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CSC 301.01, Class 05: Divide-and-conquer algorithms and structures


  • Preliminaries
    • Notes and news
    • Upcoming work
    • Extra credit
    • Questions
  • Quick followup on asymptotic analysis
  • Divide and conquer, in theory
  • Review of divide-and-conquer algorithms and structures
  • Finding the median value in an array
  • Exponentiation with integer exponents
  • Analyzing divide-and-conquer algorithms

News / Etc.

  • Happy Labor day.
  • The Web site is still under development. Let me know about broken links and such. (But please do try reloading the page.)
  • Piazza is useful.

Upcoming work

Extra credit (Academic)

  • Rosenfield symposium, this week. (Lots of different events)
  • CS Table on Doxxing.

Extra credit (Peer)

  • Coffee Hour with German House, Tuesday, Above the Grill, 4:15 pm

Extra Credit (Misc)

  • Community Hour (Dialogues Across Difference), Tuesday at 11 a.m. in JRC 209.
  • CLS Kick-Off Event, Tuesday at 11 a.m. in “North Campus Grove”.
  • Host a Prospie!

Good things, no extra credit


Quick followup on asymptotic analysis

We have a formal definition of big-O and an informal understanding of what the parts of the definition represent. What changes about the definition when we do Big-Theta and Big-Omega.

  • How does the big O definition change for Theta(n) or Omega(n)
  • Yay! The folks called on seem fairly confident.

How do you figure out the big-O (or other) bound on an algorithm?

  • For an iterative algorithm, you count the loops.
  • For a recursive algorithm, think about it.

Sample iterative algorithm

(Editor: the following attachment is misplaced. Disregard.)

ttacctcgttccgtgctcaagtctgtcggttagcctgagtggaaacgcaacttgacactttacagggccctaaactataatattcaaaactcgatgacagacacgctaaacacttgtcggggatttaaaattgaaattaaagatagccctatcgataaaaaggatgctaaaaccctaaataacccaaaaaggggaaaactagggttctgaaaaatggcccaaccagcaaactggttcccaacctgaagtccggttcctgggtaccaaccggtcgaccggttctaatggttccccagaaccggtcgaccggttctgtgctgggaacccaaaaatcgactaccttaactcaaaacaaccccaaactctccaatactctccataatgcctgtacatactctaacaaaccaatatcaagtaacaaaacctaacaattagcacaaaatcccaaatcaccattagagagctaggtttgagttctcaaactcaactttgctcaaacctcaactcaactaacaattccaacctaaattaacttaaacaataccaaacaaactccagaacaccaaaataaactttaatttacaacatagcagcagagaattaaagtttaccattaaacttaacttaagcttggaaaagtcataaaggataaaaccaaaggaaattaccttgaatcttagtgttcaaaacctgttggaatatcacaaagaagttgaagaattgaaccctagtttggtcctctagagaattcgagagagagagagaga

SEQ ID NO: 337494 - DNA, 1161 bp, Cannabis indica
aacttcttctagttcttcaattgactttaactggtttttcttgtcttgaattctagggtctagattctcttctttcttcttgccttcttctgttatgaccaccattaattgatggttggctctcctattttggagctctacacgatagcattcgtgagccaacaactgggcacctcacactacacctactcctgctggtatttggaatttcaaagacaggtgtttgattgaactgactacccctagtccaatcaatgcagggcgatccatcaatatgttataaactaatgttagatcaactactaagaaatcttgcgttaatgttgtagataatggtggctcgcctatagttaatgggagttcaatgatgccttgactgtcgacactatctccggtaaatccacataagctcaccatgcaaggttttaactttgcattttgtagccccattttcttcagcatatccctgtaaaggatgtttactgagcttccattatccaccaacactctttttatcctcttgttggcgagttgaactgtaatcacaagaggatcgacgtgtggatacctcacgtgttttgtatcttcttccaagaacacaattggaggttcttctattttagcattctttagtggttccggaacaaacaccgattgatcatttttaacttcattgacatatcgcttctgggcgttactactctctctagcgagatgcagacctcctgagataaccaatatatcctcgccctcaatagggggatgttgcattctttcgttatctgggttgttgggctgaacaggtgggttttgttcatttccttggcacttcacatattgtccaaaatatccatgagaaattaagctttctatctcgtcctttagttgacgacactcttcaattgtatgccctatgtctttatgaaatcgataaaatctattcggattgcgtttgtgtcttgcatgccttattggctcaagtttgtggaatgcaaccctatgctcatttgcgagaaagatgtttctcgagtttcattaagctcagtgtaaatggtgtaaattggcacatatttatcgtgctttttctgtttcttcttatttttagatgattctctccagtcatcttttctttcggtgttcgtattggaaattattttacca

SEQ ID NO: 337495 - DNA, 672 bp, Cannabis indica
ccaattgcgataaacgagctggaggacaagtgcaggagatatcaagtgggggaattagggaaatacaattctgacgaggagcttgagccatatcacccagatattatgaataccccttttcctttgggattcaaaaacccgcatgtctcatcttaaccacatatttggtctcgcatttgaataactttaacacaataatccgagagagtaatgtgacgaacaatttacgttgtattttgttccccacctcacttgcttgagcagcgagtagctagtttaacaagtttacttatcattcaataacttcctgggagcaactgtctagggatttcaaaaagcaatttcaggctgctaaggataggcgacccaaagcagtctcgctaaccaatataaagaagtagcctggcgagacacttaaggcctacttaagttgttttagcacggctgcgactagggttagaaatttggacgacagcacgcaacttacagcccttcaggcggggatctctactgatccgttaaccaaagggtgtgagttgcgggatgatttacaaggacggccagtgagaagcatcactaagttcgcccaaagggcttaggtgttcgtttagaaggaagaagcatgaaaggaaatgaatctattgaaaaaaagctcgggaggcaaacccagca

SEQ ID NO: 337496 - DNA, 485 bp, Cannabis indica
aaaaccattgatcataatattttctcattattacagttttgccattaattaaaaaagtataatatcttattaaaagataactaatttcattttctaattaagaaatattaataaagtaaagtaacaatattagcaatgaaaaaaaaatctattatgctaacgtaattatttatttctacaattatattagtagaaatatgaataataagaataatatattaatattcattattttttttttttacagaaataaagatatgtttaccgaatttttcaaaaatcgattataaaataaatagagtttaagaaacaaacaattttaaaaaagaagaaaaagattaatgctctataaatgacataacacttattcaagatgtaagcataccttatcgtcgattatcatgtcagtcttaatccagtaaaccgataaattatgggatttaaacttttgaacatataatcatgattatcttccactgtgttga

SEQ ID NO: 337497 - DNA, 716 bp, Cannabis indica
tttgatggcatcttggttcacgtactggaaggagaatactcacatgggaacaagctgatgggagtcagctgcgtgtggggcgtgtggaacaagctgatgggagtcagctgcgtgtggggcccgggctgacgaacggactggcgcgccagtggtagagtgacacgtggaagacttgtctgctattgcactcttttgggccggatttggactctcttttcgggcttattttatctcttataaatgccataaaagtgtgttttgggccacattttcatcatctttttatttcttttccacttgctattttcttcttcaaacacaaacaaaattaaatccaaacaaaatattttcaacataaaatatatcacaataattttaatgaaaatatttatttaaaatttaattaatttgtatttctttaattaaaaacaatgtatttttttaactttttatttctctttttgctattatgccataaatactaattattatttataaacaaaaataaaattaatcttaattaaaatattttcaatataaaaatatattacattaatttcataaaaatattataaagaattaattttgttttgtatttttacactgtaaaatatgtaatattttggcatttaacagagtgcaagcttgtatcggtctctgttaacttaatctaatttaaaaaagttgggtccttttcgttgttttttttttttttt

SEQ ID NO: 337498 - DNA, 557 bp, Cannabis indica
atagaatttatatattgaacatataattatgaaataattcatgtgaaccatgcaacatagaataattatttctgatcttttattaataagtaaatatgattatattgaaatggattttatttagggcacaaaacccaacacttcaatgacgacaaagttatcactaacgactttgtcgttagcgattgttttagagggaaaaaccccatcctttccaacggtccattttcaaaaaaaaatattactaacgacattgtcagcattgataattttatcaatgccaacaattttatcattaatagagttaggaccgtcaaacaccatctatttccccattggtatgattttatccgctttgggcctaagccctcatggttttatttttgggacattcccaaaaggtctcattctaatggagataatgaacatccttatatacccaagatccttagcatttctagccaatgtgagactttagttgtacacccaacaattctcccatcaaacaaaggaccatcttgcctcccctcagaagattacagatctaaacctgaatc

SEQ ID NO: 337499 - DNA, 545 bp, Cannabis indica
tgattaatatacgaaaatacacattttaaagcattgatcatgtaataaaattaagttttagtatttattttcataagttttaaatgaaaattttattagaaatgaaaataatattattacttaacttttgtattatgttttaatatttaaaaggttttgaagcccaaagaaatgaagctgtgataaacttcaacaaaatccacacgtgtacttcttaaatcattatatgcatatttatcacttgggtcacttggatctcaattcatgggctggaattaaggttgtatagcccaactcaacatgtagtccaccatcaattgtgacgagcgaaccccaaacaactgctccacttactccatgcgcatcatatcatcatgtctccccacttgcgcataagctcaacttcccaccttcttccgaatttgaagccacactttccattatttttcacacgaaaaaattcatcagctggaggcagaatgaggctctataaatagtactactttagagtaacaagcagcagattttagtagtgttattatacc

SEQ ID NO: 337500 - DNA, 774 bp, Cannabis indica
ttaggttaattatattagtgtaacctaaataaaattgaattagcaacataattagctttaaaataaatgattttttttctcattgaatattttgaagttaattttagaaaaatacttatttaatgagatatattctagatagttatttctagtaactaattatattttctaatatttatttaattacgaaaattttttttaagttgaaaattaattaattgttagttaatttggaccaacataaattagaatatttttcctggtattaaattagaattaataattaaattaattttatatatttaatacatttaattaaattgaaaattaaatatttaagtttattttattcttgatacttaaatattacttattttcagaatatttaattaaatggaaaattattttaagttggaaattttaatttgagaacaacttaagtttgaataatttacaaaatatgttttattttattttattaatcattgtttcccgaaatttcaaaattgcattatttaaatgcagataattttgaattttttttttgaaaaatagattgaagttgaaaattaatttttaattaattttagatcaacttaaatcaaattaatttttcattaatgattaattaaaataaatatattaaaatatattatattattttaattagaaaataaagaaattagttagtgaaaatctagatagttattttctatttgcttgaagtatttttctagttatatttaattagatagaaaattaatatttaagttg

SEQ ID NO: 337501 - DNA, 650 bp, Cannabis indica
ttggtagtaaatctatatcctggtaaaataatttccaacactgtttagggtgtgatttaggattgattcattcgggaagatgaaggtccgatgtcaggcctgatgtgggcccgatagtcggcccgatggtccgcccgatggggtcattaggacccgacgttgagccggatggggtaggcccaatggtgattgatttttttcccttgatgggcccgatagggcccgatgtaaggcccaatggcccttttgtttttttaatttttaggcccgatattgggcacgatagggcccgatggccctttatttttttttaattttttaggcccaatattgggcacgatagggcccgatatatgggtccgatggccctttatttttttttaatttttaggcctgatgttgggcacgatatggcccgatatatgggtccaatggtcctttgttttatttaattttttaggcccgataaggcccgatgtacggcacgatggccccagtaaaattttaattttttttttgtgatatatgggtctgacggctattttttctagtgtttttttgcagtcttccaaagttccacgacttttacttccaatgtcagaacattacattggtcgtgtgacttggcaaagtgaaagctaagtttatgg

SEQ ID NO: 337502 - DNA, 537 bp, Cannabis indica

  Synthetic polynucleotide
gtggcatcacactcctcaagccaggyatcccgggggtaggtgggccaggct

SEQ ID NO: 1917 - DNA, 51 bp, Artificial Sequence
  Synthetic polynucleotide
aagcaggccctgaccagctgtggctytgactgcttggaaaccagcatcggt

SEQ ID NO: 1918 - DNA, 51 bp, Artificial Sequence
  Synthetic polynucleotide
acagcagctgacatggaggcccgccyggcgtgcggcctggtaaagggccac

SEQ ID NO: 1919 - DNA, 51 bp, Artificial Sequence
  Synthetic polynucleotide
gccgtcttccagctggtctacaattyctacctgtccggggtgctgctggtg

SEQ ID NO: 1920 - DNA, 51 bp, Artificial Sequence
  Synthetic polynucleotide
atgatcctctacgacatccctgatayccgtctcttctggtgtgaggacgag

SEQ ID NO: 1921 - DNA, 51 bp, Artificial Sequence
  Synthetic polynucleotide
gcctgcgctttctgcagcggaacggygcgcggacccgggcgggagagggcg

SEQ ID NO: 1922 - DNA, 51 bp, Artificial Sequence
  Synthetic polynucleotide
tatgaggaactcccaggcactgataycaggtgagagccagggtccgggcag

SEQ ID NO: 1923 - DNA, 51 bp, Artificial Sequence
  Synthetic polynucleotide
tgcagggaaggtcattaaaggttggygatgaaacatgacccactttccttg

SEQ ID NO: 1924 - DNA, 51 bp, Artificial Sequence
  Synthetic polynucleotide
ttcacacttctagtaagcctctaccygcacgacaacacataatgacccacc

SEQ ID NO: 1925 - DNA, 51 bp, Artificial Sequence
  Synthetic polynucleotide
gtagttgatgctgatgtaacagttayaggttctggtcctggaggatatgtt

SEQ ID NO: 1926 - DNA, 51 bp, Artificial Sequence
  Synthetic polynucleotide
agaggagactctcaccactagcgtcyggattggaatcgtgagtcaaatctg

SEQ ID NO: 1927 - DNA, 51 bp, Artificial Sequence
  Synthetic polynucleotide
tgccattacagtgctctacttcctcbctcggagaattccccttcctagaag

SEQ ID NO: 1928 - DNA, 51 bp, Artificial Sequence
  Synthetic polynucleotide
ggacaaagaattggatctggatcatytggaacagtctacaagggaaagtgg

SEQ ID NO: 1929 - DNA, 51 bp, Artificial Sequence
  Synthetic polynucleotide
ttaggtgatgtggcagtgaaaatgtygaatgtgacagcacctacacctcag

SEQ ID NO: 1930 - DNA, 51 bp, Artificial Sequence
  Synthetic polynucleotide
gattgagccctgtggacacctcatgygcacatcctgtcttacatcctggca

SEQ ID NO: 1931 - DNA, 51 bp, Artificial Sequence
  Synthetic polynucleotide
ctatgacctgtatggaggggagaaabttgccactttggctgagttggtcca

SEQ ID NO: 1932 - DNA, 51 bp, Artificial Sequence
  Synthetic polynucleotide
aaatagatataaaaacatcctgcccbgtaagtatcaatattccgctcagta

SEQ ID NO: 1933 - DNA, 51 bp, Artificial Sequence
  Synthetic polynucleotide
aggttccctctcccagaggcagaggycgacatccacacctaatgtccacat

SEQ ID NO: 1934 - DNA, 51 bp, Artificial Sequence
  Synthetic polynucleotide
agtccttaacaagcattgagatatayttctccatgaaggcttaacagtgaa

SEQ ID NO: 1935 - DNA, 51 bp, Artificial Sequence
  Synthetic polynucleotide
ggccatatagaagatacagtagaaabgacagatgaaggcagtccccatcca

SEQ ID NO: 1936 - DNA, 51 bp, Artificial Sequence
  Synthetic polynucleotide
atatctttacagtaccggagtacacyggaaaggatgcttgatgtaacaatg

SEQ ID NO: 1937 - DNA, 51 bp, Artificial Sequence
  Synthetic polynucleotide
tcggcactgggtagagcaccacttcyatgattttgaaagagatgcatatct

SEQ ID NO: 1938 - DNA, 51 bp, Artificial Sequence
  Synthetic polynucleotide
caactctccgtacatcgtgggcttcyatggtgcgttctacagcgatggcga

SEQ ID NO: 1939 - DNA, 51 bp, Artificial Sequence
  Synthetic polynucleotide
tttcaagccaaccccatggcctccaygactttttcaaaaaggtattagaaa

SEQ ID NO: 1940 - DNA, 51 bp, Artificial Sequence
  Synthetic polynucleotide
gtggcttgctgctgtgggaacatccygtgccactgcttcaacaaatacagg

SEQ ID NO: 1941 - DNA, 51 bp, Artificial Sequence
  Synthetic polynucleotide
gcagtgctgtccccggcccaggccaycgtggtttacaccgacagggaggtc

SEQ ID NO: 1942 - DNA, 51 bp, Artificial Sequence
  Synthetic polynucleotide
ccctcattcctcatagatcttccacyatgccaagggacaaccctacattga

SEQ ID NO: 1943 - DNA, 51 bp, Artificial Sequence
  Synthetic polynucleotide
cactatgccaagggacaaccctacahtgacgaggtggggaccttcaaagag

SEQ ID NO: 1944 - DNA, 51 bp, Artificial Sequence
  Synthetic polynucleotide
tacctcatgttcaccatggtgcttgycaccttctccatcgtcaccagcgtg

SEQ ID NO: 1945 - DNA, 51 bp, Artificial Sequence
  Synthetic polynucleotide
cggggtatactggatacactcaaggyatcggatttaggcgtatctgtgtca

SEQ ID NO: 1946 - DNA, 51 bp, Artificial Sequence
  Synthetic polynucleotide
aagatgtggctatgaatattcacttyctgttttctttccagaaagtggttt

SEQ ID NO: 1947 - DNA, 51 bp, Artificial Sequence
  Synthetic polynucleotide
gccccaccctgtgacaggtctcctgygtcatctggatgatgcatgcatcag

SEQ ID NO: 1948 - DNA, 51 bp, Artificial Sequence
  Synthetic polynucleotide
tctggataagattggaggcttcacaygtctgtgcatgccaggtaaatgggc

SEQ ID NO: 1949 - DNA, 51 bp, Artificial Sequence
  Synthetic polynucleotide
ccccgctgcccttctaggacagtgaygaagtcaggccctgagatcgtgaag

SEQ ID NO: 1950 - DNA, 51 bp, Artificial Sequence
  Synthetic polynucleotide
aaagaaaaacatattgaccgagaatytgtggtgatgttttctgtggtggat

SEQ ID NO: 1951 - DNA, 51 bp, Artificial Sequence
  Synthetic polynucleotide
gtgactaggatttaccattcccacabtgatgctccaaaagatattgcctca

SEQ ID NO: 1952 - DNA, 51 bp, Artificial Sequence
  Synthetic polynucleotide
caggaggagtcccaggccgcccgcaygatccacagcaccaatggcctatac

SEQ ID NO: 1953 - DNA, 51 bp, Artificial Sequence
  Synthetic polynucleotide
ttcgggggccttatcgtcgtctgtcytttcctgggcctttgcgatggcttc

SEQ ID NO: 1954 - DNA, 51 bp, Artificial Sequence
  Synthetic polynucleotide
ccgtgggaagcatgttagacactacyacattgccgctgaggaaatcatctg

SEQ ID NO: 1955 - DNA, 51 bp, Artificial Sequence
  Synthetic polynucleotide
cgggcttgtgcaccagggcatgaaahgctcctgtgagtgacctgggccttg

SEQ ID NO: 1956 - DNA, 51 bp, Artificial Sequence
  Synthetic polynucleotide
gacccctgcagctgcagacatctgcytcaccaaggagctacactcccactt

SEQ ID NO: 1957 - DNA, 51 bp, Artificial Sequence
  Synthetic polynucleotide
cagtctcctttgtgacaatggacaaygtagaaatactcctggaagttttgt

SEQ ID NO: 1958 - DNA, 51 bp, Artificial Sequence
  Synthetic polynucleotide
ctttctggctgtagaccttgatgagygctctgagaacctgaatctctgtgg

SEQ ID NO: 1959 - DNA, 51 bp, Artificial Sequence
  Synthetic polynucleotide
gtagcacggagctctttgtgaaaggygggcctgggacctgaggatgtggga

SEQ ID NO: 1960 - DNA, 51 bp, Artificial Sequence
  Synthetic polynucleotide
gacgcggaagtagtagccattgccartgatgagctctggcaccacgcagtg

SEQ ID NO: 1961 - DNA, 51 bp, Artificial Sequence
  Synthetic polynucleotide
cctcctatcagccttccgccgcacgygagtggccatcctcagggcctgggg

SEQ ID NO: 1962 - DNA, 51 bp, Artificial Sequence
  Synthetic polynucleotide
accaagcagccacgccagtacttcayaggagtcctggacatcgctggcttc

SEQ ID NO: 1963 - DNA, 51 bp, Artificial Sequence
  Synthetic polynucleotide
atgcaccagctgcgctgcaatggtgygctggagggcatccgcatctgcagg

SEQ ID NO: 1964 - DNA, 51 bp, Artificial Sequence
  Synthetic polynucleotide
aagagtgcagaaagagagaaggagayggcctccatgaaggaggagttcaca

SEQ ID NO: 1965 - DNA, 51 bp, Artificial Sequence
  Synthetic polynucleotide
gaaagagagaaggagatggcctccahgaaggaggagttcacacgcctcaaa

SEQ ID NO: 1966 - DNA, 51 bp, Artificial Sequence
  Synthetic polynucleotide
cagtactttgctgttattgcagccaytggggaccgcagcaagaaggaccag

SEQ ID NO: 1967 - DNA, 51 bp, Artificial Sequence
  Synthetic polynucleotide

i = n
while (i > 1)
  for (j = 0; j < i; j++)
  end for
  i = i/2;
end while
  • The outer loop runs log_2(n)-ish.
  • The inner loop runs O(n)-ish, at worst.
  • So, we multiply the two and say this is an O(nlogn) algorithm.

Is there a tighter bound?

  • n + n/2 + n/4 + … + 1
  • n
  • n + n/2 = 3/2 n
  • n + n/2 + n/4 = 7/4 n
  • n + n/2 + n/4 + n/8 = 15/8 n
  • < 2*n
  • O(n)

Moral: We may have to think more carefully about how the loops are interacting.

Another approach: Run the program on lots of data points and interpolate the graph.

Divide and conquer, in theory

An approach to algorithm design that involves splitting the input in half, solving the problem (perhaps modified slightly) on one or both halves, and then combining those solutions into a solution to the overall problem.

  • Example: Find Occifer Motta

Review of divide-and-conquer algorithms and structures

What are some algorithms and data structures that you have encountered that involve divide and conquer?

  • Trees - Divide and conquer data structure (heaps, binary search trees)
  • Binary search
  • Quicksort
  • Merge sort

The divide should be reasonably good for the behavior we want from divide-and-conquer algorithms. For example, Quicksort works poorly if the pivot is always the second-largest value.


  • Choosing what to divide.
  • Choosng how to divide.

Finding the median value in an array of values

Given an unsorted array, [a1 … an], where n is odd and no two values are the same, find the value a such that (n-1)/2 elements are smaller than a and (n-1)/2 elements are larger. You may not sort the array, but you may rearrange the values.

Idea zero: Ignore the requirements

  1. Sort
  2. Look in the middle

Idea one: Just plow ahead

  1. Find the median of the left half (not including the middle element?)
  2. Find the median of the right half (not including the middle element?)
  3. Do something with those two medians

Example input: 1,10,100,1000,2,20,200

Idea two: Change the problem slightly - Put the median in the middle.

  1. Pick a pivot randomly from the elements of the array
  2. Rearrange the elements so that everything less than the pivot is left of the pivot, everything greater than the pivot is to the right.
  3. Repeat on the subarray.
  • n steps to partition the first time
  • n/2 steps to partition the second time

Idea three: Change the problem significantly - Find the kth largest

element in an arbitrary subarray.

Exponentiation with integer exponents

In a language that provides arbitrary precision numbers, compute x^n for non-negative integer n.

  • If n is even, x^n = square(x^(n/2))
  • If n is odd, x^n = x*(square(x^((n-1)/2)))

Analyzing divide-and-conquer algorithms

On Wednesday.